Column cardinality. This is the number of unique values contained in a column. Indexes work best when there is a high cardinality. Put another way, the more unique values there are (fewer duplicates) the better that column will be for indexing. Consider the ID number column of the previous example. Here there are no duplicates, only unique values. This column will be ideal for indexing. On the other end of the scale may be the first names column. Here there will probably be a number of duplicate names (fewer unique values) and a lower cardinality compared to the ID column.
Yes, cardinality is the correct term.
Now, for bonus credits: can anyone tell me the correct term for
someone who posts a homework question here, gets an answer, and then
pretends he worked the answer out for himself?
Lemming

Curiosity *may* have killed Schrodinger's cat.  
P: n/a

On Apr 27, 8:21 pm, Lemming <thiswillbou...@bumblbee.demon.co.uk>
wrote:
On 12 Apr 2007 18:23:07 0700, sqlservernew...@yahoo.com wrote:
I found out. It is called "COLUMN CARDINALITY"
Sorry, no prizes.
http://www.informatik.unitrier.de/~...WhangVT90.html
(1) obtaining the column cardinality (the number of unique values in a
column of a relation) and
(2) obtaining the join selectivity (the number of unique values in the
join column resulting from an unconditional join divided by the number
of unique join column values in the relation to Be joined).
These two parameters are important statistics that are used in
relational query optimization and physical database design.
http://www.idig.za.net/mysqlindexes/2006/11/09/
Column cardinality. This is the number of unique values contained in a
column. Indexes work best when there is a high cardinality. Put
another way, the more unique values there are (fewer duplicates) the
better that column will be for indexing. Consider the ID number column
of the previous example. Here there are no duplicates, only unique
values. This column will be ideal for indexing. On the other end of
the scale may be the first names column. Here there will probably be a
number of duplicate names (fewer unique values) and a lower
cardinality compared to the ID column.
Yes, cardinality is the correct term.
Now, for bonus credits: can anyone tell me the correct term for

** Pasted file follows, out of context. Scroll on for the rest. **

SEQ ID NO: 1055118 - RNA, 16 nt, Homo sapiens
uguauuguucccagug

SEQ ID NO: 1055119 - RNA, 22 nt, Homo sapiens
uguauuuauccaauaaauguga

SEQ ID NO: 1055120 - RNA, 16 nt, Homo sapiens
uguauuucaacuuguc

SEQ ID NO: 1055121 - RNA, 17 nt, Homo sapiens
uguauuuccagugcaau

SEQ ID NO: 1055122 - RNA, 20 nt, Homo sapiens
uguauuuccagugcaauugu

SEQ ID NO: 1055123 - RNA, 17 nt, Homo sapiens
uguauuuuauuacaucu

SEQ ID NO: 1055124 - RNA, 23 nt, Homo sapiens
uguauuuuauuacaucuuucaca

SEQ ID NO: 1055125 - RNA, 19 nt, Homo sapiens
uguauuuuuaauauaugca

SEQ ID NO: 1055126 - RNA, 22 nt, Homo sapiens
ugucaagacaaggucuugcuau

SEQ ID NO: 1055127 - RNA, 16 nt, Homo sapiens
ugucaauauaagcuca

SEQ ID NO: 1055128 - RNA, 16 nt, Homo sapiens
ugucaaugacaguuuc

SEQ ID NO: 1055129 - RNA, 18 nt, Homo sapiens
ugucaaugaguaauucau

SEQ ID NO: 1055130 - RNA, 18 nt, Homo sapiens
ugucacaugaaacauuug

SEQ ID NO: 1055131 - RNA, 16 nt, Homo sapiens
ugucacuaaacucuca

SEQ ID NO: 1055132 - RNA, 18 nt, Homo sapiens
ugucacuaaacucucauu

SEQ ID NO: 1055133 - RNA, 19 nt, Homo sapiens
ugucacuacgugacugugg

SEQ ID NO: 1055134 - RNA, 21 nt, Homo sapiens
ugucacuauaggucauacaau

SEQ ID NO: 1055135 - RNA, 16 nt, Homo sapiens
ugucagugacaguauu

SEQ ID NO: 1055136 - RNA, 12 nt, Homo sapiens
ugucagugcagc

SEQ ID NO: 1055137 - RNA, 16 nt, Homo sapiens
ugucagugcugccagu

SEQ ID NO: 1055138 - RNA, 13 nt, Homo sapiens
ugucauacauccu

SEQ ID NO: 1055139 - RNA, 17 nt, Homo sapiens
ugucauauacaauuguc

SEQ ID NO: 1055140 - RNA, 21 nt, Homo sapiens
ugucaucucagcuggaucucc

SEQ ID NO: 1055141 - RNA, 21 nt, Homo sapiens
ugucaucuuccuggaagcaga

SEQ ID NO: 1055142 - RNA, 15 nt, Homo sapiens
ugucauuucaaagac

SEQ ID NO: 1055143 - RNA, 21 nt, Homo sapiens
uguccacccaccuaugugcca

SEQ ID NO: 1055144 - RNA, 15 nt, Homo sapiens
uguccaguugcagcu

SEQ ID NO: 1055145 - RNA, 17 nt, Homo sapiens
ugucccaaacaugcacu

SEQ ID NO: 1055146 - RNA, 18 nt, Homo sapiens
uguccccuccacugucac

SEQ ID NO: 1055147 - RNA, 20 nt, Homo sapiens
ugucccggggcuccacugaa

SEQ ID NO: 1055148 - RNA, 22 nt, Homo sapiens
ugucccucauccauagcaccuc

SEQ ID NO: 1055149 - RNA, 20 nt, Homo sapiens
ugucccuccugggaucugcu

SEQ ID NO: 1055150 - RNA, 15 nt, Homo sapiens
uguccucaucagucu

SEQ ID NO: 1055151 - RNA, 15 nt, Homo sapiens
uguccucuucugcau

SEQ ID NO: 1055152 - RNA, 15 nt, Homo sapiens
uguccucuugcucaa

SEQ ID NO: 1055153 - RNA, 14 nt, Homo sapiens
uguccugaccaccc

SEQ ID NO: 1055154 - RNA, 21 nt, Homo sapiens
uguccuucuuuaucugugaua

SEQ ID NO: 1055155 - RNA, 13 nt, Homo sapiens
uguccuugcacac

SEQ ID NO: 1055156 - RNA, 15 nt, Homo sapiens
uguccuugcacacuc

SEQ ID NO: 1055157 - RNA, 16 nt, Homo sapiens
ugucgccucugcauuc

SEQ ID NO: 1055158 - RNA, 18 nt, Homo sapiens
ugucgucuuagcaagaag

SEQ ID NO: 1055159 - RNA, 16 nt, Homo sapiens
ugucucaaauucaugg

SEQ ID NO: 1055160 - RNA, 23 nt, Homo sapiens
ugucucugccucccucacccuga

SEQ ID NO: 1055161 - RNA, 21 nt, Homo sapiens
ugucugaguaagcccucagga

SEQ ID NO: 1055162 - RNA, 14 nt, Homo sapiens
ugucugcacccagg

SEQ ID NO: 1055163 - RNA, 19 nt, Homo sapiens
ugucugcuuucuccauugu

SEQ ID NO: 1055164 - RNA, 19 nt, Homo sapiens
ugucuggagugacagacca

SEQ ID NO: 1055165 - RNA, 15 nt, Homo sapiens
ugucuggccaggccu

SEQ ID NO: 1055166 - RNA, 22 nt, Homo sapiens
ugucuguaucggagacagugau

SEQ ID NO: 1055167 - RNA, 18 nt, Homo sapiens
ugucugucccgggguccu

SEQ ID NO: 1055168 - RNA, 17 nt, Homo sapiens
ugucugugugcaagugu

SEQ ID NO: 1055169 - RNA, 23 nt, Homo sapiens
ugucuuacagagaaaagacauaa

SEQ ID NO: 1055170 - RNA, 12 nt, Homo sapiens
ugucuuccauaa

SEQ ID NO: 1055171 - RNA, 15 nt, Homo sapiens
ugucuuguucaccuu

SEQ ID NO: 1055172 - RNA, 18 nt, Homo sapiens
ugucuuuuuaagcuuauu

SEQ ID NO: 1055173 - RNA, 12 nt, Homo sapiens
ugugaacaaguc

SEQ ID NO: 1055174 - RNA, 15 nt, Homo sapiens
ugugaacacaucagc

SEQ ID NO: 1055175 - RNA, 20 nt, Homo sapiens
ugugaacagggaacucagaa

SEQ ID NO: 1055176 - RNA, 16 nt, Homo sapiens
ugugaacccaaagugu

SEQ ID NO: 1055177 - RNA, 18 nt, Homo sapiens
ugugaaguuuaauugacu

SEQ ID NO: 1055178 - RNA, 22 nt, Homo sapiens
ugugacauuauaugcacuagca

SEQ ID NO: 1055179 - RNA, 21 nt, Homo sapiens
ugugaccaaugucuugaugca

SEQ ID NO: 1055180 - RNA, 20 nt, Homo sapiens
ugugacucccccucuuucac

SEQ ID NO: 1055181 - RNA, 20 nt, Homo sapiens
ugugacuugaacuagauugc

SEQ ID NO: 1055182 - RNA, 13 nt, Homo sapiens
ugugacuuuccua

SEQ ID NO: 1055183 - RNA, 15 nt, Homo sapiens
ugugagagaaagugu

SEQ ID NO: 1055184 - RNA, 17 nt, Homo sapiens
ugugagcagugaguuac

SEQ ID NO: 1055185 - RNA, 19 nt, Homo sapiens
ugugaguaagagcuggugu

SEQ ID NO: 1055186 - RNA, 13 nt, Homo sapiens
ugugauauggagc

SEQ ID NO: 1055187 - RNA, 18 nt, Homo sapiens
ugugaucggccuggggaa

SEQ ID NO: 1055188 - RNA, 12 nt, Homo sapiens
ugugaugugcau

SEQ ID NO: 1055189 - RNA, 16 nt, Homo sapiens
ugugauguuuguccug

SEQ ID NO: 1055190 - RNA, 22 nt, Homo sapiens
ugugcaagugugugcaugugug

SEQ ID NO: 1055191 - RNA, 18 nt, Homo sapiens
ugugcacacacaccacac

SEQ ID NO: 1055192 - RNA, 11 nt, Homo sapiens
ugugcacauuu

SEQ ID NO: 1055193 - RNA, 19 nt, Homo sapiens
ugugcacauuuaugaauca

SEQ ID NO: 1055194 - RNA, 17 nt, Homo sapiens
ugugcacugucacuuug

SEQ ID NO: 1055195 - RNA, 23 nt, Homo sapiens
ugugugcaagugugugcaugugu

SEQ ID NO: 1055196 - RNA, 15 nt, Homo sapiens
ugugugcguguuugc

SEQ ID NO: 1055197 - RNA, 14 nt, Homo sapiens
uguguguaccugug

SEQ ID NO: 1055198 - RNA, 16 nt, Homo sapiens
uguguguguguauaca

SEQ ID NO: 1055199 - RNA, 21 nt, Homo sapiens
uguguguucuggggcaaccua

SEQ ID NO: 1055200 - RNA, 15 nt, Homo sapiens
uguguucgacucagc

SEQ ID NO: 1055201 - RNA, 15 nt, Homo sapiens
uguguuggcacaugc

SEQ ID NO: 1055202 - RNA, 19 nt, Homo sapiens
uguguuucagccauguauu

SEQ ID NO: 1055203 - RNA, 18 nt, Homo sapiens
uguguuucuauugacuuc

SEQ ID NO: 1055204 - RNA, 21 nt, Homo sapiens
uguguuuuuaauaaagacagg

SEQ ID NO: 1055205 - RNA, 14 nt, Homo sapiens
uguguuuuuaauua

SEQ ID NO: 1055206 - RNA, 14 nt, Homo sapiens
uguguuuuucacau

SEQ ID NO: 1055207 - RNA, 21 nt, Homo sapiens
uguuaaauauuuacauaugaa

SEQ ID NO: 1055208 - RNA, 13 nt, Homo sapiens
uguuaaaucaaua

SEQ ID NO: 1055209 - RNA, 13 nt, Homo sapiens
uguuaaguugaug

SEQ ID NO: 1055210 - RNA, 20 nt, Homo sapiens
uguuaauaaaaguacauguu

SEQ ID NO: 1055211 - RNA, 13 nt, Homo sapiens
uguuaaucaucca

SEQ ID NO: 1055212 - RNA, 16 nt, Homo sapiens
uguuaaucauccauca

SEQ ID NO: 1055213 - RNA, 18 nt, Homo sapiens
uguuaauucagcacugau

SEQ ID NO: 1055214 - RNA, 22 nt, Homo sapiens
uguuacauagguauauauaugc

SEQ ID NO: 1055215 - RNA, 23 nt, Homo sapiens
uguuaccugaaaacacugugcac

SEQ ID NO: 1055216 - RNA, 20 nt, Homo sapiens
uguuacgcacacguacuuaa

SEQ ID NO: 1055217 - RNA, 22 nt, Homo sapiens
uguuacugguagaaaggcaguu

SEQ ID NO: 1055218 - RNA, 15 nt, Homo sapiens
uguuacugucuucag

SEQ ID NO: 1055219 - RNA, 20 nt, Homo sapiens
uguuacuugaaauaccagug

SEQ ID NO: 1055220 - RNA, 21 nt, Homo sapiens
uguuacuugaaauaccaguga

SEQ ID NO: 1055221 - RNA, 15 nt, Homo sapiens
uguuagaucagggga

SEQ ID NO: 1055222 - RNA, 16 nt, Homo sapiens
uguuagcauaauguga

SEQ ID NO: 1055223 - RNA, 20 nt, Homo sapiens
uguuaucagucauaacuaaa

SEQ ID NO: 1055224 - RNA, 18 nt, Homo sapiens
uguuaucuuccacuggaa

someone who posts a homework question here, gets an answer, and then
pretends he worked the answer out for himself?
Lemming

Curiosity *may* have killed Schrodinger's cat
Way to jump all over a thread that died 2 weeks ago.  
P: n/a

On 27 Apr 2007 17:52:00 0700, hpuxrac <jo*********@sbcglobal.net>
wrote:
>On Apr 27, 8:21 pm, Lemming <thiswillbou...@bumblbee.demon.co.uk> wrote:
>On 12 Apr 2007 18:23:07 0700, sqlservernew...@yahoo.com wrote:
>I found out. It is called "COLUMN CARDINALITY"
>Sorry, no prizes.
>http://www.informatik.unitrier.de/~...WhangVT90.html
>(1) obtaining the column cardinality (the number of unique values in a column of a relation) and (2) obtaining the join selectivity (the number of unique values in the join column resulting from an unconditional join divided by the number of unique join column values in the relation to Be joined).
>These two parameters are important statistics that are used in relational query optimization and physical database design.
>http://www.idig.za.net/mysqlindexes/2006/11/09/
>Column cardinality. This is the number of unique values contained in a column. Indexes work best when there is a high cardinality. Put another way, the more unique values there are (fewer duplicates) the better that column will be for indexing. Consider the ID number column of the previous example. Here there are no duplicates, only unique values. This column will be ideal for indexing. On the other end of the scale may be the first names column. Here there will probably be a number of duplicate names (fewer unique values) and a lower cardinality compared to the ID column.